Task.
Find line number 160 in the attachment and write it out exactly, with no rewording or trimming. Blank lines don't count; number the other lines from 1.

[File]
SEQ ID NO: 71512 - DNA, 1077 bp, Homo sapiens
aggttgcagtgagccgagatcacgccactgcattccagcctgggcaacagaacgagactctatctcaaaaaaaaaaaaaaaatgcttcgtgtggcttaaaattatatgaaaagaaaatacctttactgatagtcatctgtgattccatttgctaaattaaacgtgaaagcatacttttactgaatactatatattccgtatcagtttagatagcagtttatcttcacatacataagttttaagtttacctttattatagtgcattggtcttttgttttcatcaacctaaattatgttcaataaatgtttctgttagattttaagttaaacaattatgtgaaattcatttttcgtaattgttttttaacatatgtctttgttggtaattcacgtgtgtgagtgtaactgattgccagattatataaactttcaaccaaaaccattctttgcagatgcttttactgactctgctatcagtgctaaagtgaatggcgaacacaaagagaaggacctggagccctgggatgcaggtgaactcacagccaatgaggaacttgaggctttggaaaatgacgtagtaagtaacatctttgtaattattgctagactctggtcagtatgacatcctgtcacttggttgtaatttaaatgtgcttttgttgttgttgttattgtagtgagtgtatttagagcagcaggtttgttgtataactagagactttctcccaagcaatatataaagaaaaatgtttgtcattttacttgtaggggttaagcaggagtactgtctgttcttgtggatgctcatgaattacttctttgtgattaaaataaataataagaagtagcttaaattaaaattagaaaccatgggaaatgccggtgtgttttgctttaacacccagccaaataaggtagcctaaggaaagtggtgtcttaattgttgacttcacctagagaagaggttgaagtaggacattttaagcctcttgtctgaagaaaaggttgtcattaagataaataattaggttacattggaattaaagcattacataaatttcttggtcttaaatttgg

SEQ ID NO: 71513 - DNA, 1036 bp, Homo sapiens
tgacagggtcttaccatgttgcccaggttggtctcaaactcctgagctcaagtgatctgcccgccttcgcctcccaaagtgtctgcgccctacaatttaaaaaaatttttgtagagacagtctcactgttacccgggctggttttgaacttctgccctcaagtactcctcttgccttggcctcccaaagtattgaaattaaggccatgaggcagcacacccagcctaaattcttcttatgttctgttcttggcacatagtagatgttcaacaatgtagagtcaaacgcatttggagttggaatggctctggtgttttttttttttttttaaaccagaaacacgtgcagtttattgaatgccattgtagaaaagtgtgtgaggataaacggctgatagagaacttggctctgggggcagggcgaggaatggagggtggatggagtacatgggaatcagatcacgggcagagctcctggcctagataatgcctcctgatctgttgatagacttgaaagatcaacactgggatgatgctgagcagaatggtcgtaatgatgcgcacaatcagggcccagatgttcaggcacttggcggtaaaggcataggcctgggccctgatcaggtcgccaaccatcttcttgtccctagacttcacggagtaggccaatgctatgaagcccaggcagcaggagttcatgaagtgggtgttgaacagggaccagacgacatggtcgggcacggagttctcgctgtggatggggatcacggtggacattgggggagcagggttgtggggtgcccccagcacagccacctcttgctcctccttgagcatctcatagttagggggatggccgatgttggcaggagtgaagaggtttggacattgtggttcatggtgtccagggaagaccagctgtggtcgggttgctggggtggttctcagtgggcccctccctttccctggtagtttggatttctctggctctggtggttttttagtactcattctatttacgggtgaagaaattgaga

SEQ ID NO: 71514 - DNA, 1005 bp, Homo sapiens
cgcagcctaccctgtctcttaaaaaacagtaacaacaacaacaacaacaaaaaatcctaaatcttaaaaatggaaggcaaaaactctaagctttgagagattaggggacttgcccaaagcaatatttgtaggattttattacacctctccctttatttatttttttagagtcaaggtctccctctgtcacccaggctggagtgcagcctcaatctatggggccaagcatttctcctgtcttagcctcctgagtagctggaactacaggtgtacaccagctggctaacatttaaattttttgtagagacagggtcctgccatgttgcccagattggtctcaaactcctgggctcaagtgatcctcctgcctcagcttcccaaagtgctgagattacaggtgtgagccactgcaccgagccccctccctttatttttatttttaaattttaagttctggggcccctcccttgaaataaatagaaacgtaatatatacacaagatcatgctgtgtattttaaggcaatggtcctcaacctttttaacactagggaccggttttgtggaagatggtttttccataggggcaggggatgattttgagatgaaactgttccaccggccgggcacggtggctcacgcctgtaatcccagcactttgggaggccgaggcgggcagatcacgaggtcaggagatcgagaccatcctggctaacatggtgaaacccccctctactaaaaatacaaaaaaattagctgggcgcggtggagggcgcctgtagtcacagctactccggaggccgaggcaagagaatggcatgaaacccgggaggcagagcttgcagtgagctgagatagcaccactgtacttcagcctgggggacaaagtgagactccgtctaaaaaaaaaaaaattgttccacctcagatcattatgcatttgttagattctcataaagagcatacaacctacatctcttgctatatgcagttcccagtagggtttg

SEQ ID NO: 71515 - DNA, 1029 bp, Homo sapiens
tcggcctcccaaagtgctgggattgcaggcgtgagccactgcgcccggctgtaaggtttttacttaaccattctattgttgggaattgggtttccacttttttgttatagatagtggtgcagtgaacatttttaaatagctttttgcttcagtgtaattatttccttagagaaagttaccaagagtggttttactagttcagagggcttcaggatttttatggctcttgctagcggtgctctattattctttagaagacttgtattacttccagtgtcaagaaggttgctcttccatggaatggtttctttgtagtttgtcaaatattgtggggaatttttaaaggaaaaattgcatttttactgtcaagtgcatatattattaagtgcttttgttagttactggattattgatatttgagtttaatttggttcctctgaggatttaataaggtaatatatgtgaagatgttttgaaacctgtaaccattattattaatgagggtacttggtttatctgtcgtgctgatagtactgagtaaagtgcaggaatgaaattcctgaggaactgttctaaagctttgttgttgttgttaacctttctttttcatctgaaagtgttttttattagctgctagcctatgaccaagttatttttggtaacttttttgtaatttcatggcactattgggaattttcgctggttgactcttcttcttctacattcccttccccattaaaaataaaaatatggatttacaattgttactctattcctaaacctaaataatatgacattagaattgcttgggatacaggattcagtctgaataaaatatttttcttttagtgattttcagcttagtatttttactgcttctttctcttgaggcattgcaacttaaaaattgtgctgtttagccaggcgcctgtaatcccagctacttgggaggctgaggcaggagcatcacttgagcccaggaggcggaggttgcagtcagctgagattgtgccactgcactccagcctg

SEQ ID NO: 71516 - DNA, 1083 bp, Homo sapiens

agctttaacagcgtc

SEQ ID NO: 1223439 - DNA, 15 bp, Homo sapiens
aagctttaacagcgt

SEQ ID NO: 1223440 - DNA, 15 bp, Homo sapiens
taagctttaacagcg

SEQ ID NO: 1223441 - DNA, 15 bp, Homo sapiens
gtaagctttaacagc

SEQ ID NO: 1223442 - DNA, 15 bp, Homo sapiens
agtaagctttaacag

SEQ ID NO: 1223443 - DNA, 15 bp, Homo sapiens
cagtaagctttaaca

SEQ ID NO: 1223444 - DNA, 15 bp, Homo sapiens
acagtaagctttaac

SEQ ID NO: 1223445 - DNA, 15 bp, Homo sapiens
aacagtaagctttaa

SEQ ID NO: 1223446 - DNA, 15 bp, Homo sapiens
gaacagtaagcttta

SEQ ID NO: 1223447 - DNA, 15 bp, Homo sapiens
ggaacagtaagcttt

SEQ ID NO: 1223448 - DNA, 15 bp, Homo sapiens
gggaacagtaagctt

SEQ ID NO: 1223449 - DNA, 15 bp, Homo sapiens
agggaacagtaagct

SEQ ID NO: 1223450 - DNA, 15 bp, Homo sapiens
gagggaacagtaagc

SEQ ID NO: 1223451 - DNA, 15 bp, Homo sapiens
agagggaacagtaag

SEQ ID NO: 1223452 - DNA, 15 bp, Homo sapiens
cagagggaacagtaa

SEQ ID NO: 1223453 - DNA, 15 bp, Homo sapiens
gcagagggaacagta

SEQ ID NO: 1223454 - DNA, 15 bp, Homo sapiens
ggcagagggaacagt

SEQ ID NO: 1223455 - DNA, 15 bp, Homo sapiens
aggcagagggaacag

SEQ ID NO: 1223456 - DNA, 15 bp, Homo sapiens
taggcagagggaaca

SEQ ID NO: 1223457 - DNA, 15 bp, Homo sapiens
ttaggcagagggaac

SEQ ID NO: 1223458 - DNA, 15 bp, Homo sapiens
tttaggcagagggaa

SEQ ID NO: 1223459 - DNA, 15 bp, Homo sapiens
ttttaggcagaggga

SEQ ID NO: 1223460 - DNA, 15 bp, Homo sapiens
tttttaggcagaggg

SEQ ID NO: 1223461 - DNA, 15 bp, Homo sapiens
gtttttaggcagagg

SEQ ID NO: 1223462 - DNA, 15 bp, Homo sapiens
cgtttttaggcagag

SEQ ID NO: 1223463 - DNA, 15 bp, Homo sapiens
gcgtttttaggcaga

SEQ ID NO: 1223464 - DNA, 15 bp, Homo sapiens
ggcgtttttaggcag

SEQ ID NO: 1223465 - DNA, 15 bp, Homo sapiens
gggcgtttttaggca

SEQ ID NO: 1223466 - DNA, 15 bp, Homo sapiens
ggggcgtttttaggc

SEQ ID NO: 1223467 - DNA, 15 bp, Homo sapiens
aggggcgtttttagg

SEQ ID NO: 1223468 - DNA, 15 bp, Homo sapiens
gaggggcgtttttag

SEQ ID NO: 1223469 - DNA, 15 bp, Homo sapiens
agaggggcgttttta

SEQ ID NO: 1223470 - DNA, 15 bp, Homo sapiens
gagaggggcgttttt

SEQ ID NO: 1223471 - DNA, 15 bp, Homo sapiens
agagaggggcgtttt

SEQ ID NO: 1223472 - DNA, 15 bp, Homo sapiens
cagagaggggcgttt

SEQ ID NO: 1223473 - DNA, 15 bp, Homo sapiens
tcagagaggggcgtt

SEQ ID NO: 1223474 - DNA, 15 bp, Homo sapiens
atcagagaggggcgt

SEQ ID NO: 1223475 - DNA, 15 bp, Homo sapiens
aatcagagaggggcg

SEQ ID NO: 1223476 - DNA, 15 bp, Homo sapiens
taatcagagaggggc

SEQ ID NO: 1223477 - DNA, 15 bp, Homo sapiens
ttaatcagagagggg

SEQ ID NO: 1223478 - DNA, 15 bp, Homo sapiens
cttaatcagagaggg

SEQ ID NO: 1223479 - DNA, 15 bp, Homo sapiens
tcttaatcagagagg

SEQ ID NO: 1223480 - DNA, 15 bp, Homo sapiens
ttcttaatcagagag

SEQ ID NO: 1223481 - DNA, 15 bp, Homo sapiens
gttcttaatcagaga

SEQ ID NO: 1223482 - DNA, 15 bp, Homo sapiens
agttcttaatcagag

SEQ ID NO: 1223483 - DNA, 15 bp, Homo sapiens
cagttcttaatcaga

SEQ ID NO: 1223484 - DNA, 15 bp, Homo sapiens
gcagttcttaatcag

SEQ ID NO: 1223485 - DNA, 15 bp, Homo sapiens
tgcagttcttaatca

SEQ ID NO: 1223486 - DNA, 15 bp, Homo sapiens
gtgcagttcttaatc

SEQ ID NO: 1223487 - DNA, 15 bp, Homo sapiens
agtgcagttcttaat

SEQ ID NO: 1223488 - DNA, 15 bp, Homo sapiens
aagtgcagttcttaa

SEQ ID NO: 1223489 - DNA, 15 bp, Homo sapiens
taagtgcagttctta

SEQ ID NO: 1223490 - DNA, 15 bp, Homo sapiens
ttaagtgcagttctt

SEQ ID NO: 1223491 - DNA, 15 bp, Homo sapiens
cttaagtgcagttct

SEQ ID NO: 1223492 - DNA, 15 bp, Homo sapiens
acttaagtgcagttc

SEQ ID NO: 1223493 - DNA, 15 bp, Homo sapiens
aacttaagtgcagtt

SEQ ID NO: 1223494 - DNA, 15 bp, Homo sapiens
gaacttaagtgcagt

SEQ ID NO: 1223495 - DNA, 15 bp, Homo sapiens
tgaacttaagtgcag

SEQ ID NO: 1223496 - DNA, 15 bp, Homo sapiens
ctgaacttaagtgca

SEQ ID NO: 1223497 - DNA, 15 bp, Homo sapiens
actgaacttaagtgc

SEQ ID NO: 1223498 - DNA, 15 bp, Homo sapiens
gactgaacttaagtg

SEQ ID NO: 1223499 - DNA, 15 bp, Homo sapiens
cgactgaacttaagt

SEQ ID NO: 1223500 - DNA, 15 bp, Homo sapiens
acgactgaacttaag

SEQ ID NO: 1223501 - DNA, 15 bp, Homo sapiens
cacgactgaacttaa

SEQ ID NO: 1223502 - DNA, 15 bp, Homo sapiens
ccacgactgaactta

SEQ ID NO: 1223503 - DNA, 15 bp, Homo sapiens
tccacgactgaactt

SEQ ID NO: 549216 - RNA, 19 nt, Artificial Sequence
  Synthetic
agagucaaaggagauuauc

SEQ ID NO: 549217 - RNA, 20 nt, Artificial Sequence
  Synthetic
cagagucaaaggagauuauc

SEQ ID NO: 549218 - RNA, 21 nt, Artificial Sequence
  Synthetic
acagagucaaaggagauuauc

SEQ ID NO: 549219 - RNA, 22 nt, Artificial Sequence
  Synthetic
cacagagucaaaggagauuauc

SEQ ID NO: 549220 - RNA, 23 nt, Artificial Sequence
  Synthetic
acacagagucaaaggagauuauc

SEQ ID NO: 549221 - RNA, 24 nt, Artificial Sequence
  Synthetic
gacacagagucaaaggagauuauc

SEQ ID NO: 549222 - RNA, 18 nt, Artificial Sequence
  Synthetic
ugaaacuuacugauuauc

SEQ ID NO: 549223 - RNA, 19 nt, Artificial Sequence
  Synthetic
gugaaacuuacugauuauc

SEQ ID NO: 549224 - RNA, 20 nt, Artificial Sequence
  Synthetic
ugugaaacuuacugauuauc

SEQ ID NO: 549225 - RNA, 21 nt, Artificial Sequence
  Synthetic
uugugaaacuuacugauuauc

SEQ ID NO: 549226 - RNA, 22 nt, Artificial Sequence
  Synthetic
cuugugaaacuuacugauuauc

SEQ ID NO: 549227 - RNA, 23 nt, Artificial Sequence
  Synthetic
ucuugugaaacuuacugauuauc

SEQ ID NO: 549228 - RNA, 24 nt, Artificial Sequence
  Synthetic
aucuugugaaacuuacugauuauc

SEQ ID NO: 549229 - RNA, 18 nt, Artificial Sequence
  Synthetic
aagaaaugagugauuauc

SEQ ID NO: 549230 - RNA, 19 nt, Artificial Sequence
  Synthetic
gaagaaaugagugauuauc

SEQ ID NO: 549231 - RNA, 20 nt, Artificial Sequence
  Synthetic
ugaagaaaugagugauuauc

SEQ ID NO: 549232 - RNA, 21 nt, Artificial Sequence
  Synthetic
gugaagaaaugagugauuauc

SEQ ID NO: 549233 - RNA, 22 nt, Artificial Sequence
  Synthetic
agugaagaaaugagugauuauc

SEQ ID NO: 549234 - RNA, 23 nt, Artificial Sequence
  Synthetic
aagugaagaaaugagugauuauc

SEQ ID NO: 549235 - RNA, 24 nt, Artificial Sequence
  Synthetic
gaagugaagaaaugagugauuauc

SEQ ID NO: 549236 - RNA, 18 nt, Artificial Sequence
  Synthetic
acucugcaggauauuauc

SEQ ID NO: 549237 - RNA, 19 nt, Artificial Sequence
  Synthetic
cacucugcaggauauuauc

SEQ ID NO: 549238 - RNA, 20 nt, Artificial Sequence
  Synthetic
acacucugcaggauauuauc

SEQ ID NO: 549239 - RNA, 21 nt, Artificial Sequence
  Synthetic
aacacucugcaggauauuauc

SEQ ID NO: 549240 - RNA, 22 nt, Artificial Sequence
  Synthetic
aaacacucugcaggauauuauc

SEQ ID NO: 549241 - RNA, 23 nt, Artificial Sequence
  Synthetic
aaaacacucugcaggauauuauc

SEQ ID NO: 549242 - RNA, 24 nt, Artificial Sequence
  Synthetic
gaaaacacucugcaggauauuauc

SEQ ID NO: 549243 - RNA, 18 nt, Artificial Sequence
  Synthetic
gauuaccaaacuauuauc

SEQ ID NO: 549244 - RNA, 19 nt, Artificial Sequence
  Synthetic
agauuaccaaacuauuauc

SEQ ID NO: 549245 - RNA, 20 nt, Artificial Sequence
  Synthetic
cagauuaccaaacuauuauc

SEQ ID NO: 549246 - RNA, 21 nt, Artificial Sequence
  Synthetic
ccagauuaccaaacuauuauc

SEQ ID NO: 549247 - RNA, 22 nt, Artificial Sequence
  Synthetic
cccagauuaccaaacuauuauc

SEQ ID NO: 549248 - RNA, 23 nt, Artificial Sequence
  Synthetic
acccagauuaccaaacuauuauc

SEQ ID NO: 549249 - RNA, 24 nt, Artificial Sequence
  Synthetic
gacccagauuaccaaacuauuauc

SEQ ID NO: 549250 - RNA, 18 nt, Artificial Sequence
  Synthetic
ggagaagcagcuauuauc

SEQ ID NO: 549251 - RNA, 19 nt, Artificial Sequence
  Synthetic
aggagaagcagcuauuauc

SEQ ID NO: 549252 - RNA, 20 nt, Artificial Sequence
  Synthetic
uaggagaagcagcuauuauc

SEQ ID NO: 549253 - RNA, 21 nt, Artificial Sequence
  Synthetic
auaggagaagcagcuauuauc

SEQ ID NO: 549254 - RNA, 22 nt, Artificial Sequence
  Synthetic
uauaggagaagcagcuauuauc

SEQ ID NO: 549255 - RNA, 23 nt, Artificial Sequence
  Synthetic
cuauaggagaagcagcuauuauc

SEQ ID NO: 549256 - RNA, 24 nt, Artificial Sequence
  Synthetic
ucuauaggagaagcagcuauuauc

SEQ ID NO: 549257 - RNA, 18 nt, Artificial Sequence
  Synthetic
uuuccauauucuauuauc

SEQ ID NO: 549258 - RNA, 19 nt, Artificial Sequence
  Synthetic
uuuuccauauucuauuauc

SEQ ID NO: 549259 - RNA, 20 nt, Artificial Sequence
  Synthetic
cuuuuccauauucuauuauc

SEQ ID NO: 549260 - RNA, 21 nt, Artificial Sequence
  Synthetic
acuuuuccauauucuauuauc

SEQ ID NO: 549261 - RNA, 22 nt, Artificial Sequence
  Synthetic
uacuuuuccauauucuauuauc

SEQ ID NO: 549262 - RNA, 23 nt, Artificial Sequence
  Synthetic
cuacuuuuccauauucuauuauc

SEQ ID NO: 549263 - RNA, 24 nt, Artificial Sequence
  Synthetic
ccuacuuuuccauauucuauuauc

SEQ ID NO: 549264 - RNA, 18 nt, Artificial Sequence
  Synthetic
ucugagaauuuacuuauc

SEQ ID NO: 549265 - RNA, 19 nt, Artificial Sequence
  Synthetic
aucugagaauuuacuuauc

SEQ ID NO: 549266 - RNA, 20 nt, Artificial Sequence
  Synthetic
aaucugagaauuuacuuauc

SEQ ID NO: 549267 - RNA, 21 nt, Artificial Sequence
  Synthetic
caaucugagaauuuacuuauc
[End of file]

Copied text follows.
  Synthetic